Letter from Walter Lowenfels to Margaret Randall on Hotel Versalles stationery, Mexico 6, D.F; CABLE ADDRESS: "VERSAMEX"

Dear Margaret 

The Raingod Tlaloc was moved from his thousand year home in the mountains to Mexico City the other day. A crowd of thousands was on hand to welcome him to Chapultepec—in the rain, of course. That was the only way Tlaloc could say how he felt, being moved, suddenly, from his temple in the past to the city one thousand years ahead. He rained.

What will you rain on your typewriter—A young modern moved suddenly a thousand years backward, as you told us you were when you walked with your children over the mountains from the last road where you had to leave your car—into the past. That four hour walk, with your maid to her tribal home, saying, "it's just over the next mountain" took you to a time scheme & primitive life unknown in Mexico City, or to anyone except Tlaloc. For the people who live in the cottage you finally reached—they don't know the experience you had—moving in four hours from Chapultepec to Tlaloc.

While Tlaloc weeps his tears of Rain for the past, you serve him by singing elegies for the future, which otherwise will not know how our generation was dying with Tlaloc and living with your children in two different centuries at once.


Thursday, January 26, 2012

Pablo Neruda, "The Sand Betrayed," Canto General

The Indian fled from his skin to
the depths of ancient immensity from which
he rose one day like the islands: defeated,
he turned into invisible atmosphere,
kept expanding in the earth, pouring
his secret sign over the sand.

Javier Heraud, "Poema," trans. Ed Dorn and Gordon Brotherston


I don't






that I'm

not afraid

to die





Lima, Sept. 26

Wednesday, January 25, 2012

Leonard Crow Dog, "SACRED STONES ARE COMING TO SEE YOU," Four Generations of Sioux Medicine Men, transcribed by Richard Erdoes

Inside we were huddling in total darkness. All I could see was a red glow from the heated stones. I could feel their warmth. Now I knew that I was truly in Grandmother's womb, in the darkness of the womb, the darkness of the soul. In the warmth and moisture, I felt that this was myself being born.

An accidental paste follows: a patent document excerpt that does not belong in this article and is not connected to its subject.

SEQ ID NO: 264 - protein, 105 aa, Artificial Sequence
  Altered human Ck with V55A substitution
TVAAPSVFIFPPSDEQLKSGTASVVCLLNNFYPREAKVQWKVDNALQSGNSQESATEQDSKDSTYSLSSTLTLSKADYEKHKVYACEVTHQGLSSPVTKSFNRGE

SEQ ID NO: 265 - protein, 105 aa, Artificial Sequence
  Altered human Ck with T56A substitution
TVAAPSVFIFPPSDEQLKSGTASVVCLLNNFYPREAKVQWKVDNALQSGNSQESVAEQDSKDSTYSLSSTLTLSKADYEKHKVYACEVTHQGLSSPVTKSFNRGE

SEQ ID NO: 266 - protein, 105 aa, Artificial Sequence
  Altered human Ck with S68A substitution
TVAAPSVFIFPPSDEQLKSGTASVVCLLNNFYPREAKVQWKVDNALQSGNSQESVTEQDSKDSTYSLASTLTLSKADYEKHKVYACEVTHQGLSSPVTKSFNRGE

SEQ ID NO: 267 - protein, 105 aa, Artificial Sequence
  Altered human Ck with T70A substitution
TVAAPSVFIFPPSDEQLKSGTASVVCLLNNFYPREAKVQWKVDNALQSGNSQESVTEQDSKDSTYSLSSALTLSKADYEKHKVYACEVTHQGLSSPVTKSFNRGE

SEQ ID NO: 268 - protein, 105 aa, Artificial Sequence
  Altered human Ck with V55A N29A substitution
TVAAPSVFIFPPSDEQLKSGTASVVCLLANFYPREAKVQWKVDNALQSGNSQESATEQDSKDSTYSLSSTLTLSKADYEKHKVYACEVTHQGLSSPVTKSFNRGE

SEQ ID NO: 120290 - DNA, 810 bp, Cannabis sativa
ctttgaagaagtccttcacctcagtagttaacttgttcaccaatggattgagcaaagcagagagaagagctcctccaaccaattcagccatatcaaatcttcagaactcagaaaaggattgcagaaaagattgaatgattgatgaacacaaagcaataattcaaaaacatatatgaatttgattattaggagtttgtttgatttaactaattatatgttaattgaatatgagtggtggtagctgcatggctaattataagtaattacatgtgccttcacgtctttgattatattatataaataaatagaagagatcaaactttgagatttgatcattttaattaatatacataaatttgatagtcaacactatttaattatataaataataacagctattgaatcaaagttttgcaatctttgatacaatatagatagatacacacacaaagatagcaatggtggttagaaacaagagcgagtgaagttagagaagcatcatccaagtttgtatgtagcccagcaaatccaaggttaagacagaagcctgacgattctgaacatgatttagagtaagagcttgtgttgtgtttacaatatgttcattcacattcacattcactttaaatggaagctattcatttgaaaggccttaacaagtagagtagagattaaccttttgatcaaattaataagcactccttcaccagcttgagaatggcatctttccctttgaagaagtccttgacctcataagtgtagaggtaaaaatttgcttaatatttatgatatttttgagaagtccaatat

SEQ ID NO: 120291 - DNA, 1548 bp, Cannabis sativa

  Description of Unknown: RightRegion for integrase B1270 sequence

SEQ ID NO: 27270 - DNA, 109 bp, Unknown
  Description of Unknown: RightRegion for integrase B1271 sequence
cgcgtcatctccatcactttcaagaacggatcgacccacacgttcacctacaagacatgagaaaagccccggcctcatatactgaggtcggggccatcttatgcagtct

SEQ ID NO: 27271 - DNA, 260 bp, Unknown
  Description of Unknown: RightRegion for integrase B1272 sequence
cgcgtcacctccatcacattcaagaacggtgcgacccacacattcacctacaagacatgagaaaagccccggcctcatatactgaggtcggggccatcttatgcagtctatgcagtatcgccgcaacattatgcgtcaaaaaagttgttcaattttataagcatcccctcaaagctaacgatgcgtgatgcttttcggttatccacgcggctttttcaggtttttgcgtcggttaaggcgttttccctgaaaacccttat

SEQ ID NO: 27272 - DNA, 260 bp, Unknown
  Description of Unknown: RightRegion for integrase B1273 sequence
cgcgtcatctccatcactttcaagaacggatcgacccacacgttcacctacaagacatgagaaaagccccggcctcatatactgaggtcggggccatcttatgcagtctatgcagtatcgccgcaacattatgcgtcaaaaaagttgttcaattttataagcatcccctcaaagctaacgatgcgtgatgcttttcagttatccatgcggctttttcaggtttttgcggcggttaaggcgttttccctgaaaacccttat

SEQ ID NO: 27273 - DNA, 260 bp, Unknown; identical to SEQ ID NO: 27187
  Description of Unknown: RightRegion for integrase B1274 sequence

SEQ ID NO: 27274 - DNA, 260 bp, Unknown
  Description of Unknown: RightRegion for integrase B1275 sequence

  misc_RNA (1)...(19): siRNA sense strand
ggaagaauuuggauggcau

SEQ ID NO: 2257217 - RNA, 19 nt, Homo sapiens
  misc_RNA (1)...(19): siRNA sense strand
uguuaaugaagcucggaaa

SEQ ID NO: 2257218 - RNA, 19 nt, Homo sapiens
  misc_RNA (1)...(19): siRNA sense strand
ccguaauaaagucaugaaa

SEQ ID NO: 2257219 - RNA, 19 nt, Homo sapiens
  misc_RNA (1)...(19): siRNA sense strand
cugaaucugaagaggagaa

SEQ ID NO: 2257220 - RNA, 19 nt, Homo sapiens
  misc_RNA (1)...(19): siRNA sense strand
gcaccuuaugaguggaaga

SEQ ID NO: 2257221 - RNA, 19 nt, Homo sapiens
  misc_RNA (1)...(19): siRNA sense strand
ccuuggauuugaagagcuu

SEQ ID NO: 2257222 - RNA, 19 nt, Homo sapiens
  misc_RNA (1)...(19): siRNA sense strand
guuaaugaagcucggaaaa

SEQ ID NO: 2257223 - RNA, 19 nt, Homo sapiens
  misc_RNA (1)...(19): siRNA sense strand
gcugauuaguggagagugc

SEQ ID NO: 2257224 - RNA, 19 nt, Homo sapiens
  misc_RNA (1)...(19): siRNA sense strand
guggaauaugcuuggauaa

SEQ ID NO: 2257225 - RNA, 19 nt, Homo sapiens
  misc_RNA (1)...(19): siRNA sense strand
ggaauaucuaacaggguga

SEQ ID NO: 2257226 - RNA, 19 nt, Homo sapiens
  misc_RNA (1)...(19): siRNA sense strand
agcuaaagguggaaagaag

My father said, "The inipi uses all the powers of the universe. The fire, the water, the earth, the air are here, within the sweat lodge. Feel the power of inyan wakan, the sacred rock. All living things are in here." The scent of burning sweet grass and sage was around us like a blanket. I tried to catch this smoke with my hands and rub it all over me. My father prayed. He sang the songs. Then he poured cold water over the red, hot rocks.

All at once the initi was filled with white steam. It curled around us and enfolded us. It was very hot, so hot that I thought the steam would burn me up. My lungs seemed to be on fire. But I knew that this was a blessing, that it was the breath of the Creator purifying me. And out of the hot whiteness I heard my father's voice: "Immersed in this cloud, you will be cleansed. You will be prepared."

More rocks were brought in. Then the flap was lowered over the entrance. More water was poured over the rocks, and again Grandfather's breath enfolded us. And again I heard my father's voice: "Cultivate your mind, for all medicine goes there. Center the mind on the spirit. Ask the sweet grass to show you the way. Your vision will tell you the rest."

This was a four door sweat, meaning that the flap was opened and closed four times, and each time everything was repeated. I had the privilege to talk every time the flap was lifted, but what we talked then I'll keep to myself. After the fourth door we were given cold spring water to drink. And my father said, "The moment we drink the sacred water of life, we receive its blessings. The moon brought all the waters together, from a tiny drop, to a lake, to a river. Let your mind flow like the water."

Imagine yourself being thrown into a pool of inky, impenetrable blackness. You feel disembodied, isolated, though you are aware of friends being all around you. Imagine the roaring drums, the powerful voices of the singers, drowning out all other noises, emptying your mind completely of all that does not matter, making it ready to be filled with wonder. For those who believe, the darkness is welcome, concentrating their minds on the Spirit of Yuwipi. To them the trance-inducing drumbeat is the gladdening pulsebeat of life, upon skeptical whites the effect can be different. Sometimes the darkness frightens them. It makes them feel claustrophobic. But eventually they get used to this "Night Song." At the end of the Yuwipi ceremony, there are few skeptics left.

Suddenly, out of the darkness, come little whisperings, otherworld talk, muffled sounds—Spirit Voices, speaking a language only the Yuwipi man can understand. Little sparks of light appear out of nowhere, like so many fireflies. First one, then many, dancing around the people sitting along the walls, flitting back and forth over the ceiling. The Spirits have come in.